The effects of government-established minimum wages were strongly debated in the 1930s and that continues today. The practice was finally accepted as law in 1938. Data for alleged studies are often presented supporting all positions, which affirmatively proves one adage. Figures do not lie, but liars do figure.
A principle that cannot be disputed is that each employee to retain his job must contribute as much to the company output as he is paid; his value is determined after deducting expenses of facility, supplies, utilities, everyone else’s labor, and a reasonable profit (perhaps as low as 2 percent to 5 percent).
A deviation from the above principle is that the employer does not anticipate an inexperienced employee matching productivity initially, but expects the employee will grow into the level required; that normally occurs. Many entry-level employees grow into managerial positions in a few years.
President Barack Obama has proposed that the minimum wage be increased from the current $7.25 to $10.10, a 27.5 percent increase.
The effects are broad. Employees too far below the necessary productivity level or who have proved they will never reach it become unemployed. Many labor contracts for mid-level wages will increase because the contracts are written to be proportional to the minimum wage. Material costs will be increased because suppliers and transporters are all equally affected.
Retail prices will be increased significantly. Demand, particularly for items of elastic demand, will decrease; as demand falls, supply must be decreased, resulting in more unemployment. An argument persists that if the increase (27.5 percent) in pay exceeds the percentage of people becoming unemployed, the economy gains. Those unemployed teenagers and recent college grads with zero pay may not believe that.
When a three-step minimum pay increase was first applied in July 2007 from $5.15, black teenage unemployment was 30 percent (national 5 percent). Two years later, after the final increase to $7.25, black teenagers unemployment was 50 percent (national was 10 percent). Ball State University estimated 500,000 jobs were eliminated by that increase.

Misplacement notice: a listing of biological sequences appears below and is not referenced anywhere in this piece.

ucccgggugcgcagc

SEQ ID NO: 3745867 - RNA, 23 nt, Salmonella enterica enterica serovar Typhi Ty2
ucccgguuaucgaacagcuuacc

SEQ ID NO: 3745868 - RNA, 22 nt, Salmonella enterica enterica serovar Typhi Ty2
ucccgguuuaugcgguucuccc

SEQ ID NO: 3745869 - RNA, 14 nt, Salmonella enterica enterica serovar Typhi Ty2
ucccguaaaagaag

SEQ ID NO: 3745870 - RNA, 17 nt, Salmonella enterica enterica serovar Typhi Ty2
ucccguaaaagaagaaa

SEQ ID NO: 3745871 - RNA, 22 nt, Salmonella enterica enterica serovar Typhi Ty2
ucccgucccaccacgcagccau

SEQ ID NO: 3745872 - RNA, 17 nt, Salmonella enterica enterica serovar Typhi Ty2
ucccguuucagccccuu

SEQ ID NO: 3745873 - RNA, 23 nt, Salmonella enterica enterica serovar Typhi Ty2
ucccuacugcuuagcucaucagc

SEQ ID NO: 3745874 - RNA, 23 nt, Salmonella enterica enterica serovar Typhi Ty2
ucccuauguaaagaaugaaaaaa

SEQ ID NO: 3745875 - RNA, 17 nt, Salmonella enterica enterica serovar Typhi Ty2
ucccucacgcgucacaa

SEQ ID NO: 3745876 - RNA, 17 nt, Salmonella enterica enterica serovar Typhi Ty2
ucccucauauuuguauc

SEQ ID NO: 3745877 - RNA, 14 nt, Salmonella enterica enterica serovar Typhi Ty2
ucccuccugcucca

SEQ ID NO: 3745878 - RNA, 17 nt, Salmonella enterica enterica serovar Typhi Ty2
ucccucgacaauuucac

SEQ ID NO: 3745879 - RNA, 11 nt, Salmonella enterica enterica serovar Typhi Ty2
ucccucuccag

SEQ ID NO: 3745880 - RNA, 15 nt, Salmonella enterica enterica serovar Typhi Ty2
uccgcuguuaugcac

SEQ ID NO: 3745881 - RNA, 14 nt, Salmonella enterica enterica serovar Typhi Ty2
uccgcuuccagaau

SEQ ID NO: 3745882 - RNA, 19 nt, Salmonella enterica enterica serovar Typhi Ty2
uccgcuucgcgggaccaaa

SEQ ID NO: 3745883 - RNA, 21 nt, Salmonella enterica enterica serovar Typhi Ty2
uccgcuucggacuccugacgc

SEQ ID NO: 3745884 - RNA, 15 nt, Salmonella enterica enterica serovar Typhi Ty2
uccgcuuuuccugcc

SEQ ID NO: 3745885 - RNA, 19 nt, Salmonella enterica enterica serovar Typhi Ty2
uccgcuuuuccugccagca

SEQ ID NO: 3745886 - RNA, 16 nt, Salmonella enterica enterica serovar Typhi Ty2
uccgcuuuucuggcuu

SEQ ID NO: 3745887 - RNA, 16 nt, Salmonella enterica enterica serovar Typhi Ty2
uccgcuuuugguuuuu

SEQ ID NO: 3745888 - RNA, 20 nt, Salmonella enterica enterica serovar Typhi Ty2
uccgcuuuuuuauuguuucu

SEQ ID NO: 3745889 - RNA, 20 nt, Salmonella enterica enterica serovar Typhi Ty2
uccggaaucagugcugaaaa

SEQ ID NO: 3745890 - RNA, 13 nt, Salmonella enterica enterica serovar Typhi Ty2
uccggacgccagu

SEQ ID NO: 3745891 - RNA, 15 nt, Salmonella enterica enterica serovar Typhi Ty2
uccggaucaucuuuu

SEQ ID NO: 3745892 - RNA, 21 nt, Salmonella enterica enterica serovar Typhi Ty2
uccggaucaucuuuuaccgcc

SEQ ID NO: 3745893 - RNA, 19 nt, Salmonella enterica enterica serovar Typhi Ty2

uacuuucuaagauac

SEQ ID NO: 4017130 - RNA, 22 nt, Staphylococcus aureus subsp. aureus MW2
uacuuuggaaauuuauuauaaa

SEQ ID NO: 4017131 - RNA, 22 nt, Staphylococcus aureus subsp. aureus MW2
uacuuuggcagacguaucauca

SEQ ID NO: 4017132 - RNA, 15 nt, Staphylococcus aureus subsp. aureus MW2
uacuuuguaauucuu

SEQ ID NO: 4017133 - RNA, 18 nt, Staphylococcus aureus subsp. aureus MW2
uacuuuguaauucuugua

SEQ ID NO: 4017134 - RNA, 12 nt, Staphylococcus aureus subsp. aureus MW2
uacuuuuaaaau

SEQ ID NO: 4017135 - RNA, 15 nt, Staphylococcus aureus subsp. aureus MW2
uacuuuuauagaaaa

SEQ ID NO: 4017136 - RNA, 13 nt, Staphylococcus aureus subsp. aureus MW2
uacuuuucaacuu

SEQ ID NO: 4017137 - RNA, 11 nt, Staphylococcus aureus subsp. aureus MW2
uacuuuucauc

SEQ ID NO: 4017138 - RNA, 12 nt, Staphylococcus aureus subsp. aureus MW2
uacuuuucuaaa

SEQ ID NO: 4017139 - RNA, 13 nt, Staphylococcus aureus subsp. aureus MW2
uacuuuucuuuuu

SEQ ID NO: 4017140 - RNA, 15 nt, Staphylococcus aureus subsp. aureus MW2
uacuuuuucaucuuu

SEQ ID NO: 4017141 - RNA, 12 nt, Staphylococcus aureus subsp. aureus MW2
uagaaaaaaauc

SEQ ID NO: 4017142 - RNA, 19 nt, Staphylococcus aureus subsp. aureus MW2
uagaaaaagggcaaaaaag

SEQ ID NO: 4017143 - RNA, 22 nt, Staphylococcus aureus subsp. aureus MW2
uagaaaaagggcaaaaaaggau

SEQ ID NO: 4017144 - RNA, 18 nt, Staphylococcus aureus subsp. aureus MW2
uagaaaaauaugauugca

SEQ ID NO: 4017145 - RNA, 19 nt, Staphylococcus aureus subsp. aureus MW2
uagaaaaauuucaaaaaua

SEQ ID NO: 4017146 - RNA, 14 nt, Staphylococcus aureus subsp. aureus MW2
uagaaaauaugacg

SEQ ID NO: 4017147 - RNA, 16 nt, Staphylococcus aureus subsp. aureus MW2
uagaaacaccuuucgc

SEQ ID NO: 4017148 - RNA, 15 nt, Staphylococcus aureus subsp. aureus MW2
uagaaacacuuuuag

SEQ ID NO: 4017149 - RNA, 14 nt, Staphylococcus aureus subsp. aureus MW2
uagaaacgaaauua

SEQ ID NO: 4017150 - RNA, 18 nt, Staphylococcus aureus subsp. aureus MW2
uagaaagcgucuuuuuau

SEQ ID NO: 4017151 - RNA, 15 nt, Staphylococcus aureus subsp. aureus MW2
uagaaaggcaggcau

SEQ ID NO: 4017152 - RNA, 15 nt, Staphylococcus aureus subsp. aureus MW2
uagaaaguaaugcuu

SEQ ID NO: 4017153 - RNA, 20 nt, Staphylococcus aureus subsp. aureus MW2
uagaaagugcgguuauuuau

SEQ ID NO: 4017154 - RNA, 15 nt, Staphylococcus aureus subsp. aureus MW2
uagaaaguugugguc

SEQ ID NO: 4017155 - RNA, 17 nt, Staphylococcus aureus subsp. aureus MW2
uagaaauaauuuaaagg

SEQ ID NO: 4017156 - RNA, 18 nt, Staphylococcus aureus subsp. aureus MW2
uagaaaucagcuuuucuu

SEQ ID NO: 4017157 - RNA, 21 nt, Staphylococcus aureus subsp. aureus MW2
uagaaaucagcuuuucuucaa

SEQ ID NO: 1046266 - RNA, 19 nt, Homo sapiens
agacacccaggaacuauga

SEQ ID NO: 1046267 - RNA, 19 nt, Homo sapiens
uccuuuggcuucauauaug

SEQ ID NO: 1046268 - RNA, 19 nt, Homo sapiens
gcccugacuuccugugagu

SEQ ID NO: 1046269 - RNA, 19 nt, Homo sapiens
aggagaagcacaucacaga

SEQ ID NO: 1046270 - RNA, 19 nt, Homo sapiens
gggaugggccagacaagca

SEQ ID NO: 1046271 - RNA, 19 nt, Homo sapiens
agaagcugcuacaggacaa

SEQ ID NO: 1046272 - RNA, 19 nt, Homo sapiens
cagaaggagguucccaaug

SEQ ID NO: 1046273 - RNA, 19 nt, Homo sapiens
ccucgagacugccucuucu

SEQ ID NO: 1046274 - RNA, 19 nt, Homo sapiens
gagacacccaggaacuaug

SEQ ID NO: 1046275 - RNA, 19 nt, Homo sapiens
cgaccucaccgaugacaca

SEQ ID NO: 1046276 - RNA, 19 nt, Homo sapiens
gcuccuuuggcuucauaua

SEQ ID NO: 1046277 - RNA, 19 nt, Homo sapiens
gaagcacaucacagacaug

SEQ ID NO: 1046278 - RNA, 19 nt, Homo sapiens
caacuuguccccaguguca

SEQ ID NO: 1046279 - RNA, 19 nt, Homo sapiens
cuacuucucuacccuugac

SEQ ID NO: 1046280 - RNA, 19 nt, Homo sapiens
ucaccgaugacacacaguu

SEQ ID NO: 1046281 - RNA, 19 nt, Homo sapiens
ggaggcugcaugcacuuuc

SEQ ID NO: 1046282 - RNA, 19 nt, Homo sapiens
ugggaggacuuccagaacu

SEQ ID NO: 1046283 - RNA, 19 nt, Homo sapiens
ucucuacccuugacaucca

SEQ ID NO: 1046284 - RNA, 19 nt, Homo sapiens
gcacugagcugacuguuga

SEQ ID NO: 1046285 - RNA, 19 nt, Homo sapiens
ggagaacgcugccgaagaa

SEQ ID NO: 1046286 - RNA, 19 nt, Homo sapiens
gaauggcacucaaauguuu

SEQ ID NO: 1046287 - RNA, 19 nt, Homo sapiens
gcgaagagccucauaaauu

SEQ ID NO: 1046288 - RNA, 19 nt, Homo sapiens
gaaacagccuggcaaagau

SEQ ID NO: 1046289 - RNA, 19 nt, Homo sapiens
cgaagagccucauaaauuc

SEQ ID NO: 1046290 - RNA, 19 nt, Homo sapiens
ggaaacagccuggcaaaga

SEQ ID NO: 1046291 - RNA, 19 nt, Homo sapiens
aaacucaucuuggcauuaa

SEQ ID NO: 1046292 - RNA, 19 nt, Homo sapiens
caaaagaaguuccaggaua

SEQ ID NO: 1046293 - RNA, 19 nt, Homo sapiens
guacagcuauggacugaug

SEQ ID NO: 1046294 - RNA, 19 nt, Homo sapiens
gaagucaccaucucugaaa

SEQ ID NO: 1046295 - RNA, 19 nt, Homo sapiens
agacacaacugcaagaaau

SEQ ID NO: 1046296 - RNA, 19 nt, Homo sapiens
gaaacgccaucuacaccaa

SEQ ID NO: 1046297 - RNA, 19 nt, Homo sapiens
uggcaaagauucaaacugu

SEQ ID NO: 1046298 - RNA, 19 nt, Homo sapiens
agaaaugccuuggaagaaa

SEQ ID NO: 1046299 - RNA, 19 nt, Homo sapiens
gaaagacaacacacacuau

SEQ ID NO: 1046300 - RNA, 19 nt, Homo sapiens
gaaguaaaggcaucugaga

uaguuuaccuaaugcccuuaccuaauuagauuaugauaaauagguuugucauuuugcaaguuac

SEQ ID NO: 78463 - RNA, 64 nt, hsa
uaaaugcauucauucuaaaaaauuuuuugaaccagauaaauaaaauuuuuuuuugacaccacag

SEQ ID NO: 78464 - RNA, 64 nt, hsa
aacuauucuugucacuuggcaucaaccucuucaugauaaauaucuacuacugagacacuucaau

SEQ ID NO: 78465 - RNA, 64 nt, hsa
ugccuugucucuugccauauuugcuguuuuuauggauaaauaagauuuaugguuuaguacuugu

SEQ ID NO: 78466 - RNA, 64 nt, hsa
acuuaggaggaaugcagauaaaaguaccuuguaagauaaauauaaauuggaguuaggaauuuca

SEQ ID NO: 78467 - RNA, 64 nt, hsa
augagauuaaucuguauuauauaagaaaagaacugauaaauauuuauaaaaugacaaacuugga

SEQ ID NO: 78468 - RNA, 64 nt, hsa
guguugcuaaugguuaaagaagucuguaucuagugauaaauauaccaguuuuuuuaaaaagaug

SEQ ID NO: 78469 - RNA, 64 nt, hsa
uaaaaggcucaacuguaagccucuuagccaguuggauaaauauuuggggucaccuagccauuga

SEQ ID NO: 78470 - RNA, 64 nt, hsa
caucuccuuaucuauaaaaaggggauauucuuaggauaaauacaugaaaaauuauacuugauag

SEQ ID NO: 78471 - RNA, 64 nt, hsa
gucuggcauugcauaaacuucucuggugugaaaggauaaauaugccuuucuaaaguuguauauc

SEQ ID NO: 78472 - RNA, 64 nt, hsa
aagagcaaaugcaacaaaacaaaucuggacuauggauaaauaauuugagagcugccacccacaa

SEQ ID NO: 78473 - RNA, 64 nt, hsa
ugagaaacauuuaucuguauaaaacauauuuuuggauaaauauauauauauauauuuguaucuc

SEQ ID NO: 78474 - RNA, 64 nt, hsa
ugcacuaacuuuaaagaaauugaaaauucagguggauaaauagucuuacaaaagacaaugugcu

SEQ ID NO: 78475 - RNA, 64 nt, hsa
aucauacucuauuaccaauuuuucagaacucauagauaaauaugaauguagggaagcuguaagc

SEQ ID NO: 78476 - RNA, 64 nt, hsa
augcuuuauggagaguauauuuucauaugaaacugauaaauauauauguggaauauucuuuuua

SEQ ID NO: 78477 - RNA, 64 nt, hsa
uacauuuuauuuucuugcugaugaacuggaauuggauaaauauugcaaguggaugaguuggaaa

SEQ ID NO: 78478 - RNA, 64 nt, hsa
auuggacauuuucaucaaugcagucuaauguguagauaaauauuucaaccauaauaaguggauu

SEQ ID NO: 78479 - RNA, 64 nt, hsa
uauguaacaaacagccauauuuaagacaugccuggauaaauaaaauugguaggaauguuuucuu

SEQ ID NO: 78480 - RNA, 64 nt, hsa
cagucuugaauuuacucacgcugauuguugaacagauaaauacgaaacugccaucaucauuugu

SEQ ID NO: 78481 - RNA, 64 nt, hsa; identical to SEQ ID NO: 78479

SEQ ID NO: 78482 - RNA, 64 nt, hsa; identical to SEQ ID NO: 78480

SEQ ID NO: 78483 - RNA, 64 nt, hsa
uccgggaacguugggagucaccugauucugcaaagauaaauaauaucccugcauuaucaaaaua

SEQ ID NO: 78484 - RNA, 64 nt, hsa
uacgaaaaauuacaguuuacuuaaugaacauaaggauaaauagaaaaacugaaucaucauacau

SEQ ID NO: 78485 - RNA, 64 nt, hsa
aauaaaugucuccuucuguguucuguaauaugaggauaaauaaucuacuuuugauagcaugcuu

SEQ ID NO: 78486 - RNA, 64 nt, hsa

During a 12-year period after World War II, the minimum wage was not increased and inflation rendered it meaningless. Entry-level jobs were then affordable and black teenage unemployment decreased significantly. In subsequent years the minimum was raised repeatedly and the black teenage unemployment was multiplied. Switzerland and Singapore, which have never enacted minimum wage, maintain close to 3 percent unemployment consistently.
An interesting report explains that the minimum wage laws have become ineffective for three reasons because they are developed in terms of low-wage workers instead of low-wage families. Examples of ineffectiveness include: (1) the student flipping hamburgers on his summer break from college whose father is high income, (2) the worker who has an hourly wage above minimum, but is limited to part-time work, and (3) the unemployed.
When first implemented in 1939, 85 percent of low-wage workers were members of low-wage families. Today only 17 percent of the recipients are in poor families and 34 percent are in families that earn three times the poverty line.
Increasing the minimum to $15, as Seattle has done and San Francisco is considering, will exacerbate that differential. Raising the minimum wage has no, repeat no, significant value, to 83 percent of American families, but causes higher unemployment, particularly among young people, and contributes to nationwide increases in cost of living.
Politicians claim they “feel the workers’ pain,” but their solution provides political gain, not help.
Earl Heal is a Vacaville resident and member of The Right Stuff Committee, a committee of the Solano County Republican Party. Reach him at firstname.lastname@example.org.